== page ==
Photo taken by James McCray
BH Photo #207457
If you are into these wooden thru arch bridges I believe there is another modern one like this in LaSalle County Illinois NOT currently listed on this website. I drove over it on the way to the Seneca Bridge.
To me, this is an example of a modern bridge that DOES deserve inclusion in this site. In the "about this site" page, the grand webmaster includes reference to newer bridges that use old designs, arches and trusses and such. This bridge is notable for its uniqueness and use of materials. http://bridgehunter.com/help/about
I fully agree that this bridge is very unique and has the potential to become historic sometime in the future. But, having said that, I'm of the mindset that the name of the website is "Historic Bridges of the United States", so I personally would probably not place this bridge on this site, just because of the name. This bridge would be an excellent entry for Landmarkhunter.com, however, because that title is "Historic and NOTABLE landmarks of the US". This bridge is certainly notable, just not historic--yet.:>)
This is a very unique and interesting span to say the least.
Does it belong on Historic Bridges of the U.S. ....well, probably not (technically....at least) but I personally have less of a problem with it being on here than many others that have been added lately. This bridge reminds me of the Tied-Arch spans (Ohio had several of them) of the early 1800's. The retro aspect of this bridge is what gives it appeal......at least in my eyes.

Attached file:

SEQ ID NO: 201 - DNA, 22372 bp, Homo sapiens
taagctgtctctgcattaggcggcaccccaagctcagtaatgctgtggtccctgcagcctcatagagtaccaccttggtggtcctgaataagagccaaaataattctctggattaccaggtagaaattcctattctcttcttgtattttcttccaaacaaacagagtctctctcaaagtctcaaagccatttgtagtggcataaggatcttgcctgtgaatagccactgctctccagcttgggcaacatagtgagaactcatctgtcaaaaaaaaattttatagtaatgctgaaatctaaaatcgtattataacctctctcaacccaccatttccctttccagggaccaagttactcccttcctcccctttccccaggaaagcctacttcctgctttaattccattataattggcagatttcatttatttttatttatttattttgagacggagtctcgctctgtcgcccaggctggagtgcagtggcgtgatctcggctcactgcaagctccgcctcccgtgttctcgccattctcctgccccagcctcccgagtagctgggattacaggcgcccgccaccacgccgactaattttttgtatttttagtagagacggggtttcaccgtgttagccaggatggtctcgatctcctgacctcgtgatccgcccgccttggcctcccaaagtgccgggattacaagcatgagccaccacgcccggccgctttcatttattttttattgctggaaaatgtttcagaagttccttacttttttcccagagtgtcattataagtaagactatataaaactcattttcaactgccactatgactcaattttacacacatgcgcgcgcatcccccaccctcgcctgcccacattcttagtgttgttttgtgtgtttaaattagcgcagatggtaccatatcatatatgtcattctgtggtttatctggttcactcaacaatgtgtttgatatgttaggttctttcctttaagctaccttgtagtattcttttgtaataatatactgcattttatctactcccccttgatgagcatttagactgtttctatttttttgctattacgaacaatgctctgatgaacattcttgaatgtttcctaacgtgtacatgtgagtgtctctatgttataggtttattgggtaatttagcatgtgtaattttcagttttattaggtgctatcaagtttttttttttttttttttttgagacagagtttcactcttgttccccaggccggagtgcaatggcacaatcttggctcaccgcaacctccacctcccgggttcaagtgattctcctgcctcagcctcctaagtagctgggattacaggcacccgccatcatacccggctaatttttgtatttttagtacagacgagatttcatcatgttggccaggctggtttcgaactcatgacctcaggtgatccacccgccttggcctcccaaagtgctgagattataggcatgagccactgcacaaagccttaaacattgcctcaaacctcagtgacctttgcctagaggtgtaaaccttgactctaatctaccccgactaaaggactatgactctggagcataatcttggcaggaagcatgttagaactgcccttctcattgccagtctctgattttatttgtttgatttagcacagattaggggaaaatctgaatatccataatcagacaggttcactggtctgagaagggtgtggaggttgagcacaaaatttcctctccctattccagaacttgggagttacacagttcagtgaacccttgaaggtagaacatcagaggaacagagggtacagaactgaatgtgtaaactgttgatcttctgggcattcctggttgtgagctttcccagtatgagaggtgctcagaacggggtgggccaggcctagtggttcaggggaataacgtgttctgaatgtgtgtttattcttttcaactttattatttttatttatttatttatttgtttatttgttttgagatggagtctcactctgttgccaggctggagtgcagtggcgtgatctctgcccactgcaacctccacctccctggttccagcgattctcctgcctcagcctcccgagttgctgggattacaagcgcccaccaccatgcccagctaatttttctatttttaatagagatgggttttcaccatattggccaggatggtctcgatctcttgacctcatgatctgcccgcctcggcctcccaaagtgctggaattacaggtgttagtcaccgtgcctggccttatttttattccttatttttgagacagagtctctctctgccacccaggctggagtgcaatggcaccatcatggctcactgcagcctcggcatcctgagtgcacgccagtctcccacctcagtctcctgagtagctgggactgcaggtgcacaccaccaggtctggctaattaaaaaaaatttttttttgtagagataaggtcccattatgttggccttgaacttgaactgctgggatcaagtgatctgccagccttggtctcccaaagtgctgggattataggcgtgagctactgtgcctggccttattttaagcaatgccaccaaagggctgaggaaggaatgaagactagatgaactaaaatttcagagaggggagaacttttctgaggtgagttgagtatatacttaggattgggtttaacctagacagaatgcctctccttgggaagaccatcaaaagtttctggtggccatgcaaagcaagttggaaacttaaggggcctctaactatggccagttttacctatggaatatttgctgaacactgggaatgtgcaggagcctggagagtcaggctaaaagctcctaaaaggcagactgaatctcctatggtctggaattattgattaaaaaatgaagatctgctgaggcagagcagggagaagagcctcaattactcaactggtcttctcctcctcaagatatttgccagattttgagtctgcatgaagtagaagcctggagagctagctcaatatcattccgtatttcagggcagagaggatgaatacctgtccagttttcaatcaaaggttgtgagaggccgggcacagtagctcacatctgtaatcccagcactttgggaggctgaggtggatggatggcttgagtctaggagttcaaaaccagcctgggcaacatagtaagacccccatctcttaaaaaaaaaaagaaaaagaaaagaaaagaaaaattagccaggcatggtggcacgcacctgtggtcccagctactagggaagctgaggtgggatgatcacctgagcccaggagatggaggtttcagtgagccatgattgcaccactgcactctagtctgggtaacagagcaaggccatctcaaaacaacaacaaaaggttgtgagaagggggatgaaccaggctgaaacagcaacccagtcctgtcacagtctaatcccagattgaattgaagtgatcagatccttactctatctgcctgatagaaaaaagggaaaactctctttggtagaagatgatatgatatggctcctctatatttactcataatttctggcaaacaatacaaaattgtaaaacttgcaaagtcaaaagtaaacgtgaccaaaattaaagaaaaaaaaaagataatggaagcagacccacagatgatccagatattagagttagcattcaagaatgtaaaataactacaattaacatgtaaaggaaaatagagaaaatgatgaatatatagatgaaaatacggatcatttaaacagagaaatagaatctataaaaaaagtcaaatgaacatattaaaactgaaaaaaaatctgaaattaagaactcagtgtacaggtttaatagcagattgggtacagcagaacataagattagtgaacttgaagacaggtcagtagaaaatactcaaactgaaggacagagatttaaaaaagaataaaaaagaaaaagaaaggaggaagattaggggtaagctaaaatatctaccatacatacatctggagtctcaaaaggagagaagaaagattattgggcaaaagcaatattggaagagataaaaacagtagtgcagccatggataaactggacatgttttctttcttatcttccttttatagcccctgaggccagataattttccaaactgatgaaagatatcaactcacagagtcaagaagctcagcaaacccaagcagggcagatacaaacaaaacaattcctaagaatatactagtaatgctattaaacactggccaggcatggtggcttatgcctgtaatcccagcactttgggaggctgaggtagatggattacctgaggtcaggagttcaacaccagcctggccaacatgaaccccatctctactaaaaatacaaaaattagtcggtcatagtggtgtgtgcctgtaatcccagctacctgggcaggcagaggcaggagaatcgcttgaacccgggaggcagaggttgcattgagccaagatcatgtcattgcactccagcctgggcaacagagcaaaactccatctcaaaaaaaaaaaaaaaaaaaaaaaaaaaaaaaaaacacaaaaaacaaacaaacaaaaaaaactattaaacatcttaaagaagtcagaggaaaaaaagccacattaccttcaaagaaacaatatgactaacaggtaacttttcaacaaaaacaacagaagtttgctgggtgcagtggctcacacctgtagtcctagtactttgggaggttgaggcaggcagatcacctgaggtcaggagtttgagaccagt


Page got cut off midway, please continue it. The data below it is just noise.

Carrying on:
I think that this bridge belongs on this website. Now, if these bridges started appearing by the thousands, then I would consider them to be too common for inclusion, but for now, this appears to be a unique structure.
>>Here is one for debate: This bridge was built in the late 90's so its quite modern. But design wise, it is a wood through arch bridge. So what does everyone think about this one?<<
My thought is that is it has features that are TRULY unique, such as you are describing, then it certainly merits mention. I use that criteria in including modern bascule and vertical lift bridges on the website.
Ferryboats were included on this site long before I became involved; I have authored or added to entries to ferryboats on the website. I understand they are not bridges, but do serve a similar function to bridges. In every case, they have been custom-designed for the particular location. There is no such thing as a "stock" ferryboat. Because of my line of work I have a ready source of information and photos...
However, "slab bridge that replaced something that once was here" does not cut it. (Sheldon, please take note.)
Lately the debate on bridgehunter has been about posting modern bridges vs. historic/antique ones. Here is one for debate: This bridge was built in the late 90's so its quite modern. But design wise, it is a wood through arch bridge. So what does everyone think about this one?